2 cups powdered sugar, sifted
6 tablespoons cocoa, sifted
1/2 teaspoon sea salt
1 teaspoon coffee grinds
3 egg whites
1 tablespoon vanilla
1 cup chocolate shavings


1.  Preheat oven to 350 degrees.  Grease cookie sheet and set aside.  In a mixing bowl, sift dry ingredients (powdered sugar, cocoa, sea salt and coffee grinds).

2.  Using a whisking attachment, beat dry ingredients, adding egg whites one at a time.  Whisk on high for approximately 1.5 to 2 minutes until soft peaks form.  (When you lift the paddle attachment from the batter, the mixture will fold back onto itself, like a ribbon.)  Beat in vanilla.  Beat in chocolate chunks.

3.  Refrigerate batter for 20 minutes.  Afterward, scoop one heaping tablespoon of batter onto the baking sheet two inches apart (they’ll spread).  Bake 11-12 minutes.  The tops will be crackly and soft in the middle.  Let cookies sit on the hot baking sheet for one minute before removing to a cooling rack.  Cool completely before packaging.  Enjoy warm out of the oven or at room temperature.

Diet Notes: Gluten-free, nut-free

Coconut Macaroons with a hint of Marzipan

October 21, 2010 § 1 Comment

Apart from the butter & flour & powdered sugar glory of the 3-ingredient Mexican Wedding Cookie (or Russian Tea Cakes), I’m not sure there’s an easier cookie out there than macaroons.  With only 7 ingredients (two of which are vanilla and almond extract) and a sprinkling of white whole-wheat flour (a mere 2 tablespoons), this recipe comes together in seconds.  You don’t even have to beat the egg whites!

I started measuring coconut flakes at 8pm on the nose; by 8:15 the gas oven puffed marzipan-smells into the living room; by 8:25pm I sat down on a cushioned chair with a plate of warm cookies, a mug of spiced tea and my midterm mail-in election ballot in front of me, ready for circling.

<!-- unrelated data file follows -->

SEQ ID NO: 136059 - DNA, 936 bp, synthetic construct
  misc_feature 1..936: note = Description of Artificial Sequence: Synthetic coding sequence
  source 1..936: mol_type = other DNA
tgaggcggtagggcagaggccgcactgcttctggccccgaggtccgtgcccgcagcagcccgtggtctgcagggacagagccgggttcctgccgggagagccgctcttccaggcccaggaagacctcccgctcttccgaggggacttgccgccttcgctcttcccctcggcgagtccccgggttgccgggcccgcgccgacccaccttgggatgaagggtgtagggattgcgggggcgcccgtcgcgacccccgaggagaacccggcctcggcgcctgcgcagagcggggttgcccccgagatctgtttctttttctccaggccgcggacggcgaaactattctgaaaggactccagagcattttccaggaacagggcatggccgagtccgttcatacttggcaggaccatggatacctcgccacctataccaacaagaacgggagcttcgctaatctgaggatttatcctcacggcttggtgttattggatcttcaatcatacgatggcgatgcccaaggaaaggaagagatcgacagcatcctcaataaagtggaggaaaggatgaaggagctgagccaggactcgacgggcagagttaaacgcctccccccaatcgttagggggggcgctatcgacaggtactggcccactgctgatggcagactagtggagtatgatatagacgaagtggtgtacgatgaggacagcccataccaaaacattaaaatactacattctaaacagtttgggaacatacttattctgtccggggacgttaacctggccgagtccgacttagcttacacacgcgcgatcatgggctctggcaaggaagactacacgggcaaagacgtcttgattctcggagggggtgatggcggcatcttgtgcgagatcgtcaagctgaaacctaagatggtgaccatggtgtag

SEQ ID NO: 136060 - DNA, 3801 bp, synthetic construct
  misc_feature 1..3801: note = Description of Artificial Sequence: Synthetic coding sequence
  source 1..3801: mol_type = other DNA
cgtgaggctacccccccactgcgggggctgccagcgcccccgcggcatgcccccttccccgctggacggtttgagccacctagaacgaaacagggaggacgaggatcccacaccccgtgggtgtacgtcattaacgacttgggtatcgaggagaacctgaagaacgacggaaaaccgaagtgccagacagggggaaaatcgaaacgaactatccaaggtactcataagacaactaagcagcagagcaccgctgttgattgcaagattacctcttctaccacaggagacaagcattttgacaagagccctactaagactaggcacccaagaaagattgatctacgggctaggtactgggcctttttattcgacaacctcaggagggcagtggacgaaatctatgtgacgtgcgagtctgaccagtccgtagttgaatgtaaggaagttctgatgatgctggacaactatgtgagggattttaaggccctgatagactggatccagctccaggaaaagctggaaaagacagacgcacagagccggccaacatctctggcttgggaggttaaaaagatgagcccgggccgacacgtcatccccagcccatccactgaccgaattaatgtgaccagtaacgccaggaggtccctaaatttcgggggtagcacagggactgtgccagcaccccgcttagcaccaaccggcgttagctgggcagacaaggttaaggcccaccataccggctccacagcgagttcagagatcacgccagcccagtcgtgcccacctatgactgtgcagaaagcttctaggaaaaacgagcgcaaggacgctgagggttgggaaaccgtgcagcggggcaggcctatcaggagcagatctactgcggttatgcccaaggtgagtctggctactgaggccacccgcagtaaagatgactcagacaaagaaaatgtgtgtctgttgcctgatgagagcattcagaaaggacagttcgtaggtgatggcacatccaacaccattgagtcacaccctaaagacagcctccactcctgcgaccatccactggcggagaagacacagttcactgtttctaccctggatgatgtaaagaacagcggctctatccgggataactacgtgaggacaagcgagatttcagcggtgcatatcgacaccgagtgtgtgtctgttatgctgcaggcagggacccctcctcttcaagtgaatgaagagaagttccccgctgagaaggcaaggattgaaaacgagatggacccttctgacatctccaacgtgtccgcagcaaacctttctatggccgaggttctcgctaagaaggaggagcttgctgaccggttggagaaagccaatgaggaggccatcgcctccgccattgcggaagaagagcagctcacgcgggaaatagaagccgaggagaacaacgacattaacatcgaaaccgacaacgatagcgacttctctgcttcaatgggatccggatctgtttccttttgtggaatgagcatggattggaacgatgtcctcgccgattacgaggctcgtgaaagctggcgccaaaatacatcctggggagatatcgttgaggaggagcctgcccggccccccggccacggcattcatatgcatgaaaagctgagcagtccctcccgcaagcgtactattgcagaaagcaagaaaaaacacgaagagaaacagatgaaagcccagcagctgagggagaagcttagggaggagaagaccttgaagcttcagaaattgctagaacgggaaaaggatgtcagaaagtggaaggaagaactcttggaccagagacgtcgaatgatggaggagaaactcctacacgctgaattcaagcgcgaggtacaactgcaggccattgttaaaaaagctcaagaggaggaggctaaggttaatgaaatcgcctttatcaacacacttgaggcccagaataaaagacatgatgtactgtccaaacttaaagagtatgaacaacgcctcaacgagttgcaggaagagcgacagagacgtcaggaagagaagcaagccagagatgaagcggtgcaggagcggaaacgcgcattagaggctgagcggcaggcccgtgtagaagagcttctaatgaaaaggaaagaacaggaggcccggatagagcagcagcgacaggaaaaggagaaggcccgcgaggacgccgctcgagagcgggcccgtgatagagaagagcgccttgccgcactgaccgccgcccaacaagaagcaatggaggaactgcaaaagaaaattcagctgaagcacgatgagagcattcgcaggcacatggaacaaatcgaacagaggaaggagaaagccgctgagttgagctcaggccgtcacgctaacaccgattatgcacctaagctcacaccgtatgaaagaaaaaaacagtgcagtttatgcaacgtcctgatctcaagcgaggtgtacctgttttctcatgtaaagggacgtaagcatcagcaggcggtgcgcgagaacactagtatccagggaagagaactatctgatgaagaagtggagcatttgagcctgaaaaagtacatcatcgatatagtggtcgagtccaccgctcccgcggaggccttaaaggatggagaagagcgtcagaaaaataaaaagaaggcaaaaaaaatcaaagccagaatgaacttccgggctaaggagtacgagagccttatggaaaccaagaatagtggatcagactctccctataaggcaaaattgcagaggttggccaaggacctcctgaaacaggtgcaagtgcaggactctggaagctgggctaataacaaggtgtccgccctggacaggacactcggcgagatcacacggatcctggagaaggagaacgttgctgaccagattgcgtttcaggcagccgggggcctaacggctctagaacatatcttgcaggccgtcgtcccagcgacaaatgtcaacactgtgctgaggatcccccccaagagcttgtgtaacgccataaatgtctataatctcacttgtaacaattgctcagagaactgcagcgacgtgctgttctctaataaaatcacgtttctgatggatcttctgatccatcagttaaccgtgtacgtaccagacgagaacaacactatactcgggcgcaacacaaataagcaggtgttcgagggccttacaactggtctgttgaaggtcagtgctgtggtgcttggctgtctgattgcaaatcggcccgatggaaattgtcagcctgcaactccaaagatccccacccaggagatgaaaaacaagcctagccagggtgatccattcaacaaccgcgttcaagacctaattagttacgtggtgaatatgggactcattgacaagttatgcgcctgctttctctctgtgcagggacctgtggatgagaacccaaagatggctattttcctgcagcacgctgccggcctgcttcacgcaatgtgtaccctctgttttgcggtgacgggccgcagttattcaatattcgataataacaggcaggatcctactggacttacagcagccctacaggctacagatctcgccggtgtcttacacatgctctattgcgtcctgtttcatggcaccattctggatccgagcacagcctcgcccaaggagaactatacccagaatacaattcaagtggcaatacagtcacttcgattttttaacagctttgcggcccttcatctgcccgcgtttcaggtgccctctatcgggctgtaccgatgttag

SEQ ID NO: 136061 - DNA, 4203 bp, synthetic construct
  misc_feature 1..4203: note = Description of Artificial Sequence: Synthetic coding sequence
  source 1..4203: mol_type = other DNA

There’s only one stipulation to this recipe: Find the unsweetened coconut flakes.  The sweetened plastic coconut shreds will ruin this cookie (coconut is the primary ingredient after all!).  You can find unsweetened, all-natural coconut flakes at a regular grocery store or in some bulk food bins.

1 + 1/3 cup shredded coconut (unsweetened)
1/3 cup evaporated cane sugar
2 tablespoons white whole-wheat flour (white flour is fine)
1/8 teaspoon sea salt

2 egg whites
1/2 teaspoon vanilla extract
1/4 teaspoon almond extract


1.  In a small bowl, combine shredded coconut, cane sugar, white whole-wheat flour and sea salt.  Toss with a fork.

2.  When thoroughly mixed, add egg whites, vanilla and almond extract.  Stir until the dough comes together.

3.  Scoop tablespoon-sized balls onto a greased baking sheet.  Bake 18-20 minutes until golden brown along the edges.  Cool completely on a wire rack before packaging.  They stay fresh, on the counter, for several days.

Granola Bar Cookie Bites (also vegan!)

June 18, 2010 § 1 Comment

These little guys might not look like much, but I’ve eaten four “trial” batches of them for two consecutive weeks and have yet to tire of them.  While they’re great for dessert, I prefer popping one in my mouth before early morning jogs and in the late afternoon, before I pick 726 tomatoes from the garden.  They’re unintentionally vegan, which is a plus for some, and they have a warm flavor from the mild, molasses-y brown sugar and cinnamon.  The texture is what really knocks my socks off — the unsweetened, natural coconut flakes are a must!  If you don’t have almond butter, swap it out with natural, chunky peanut butter.  I’ve done both, but prefer the subtler taste of almonds in this granola bite.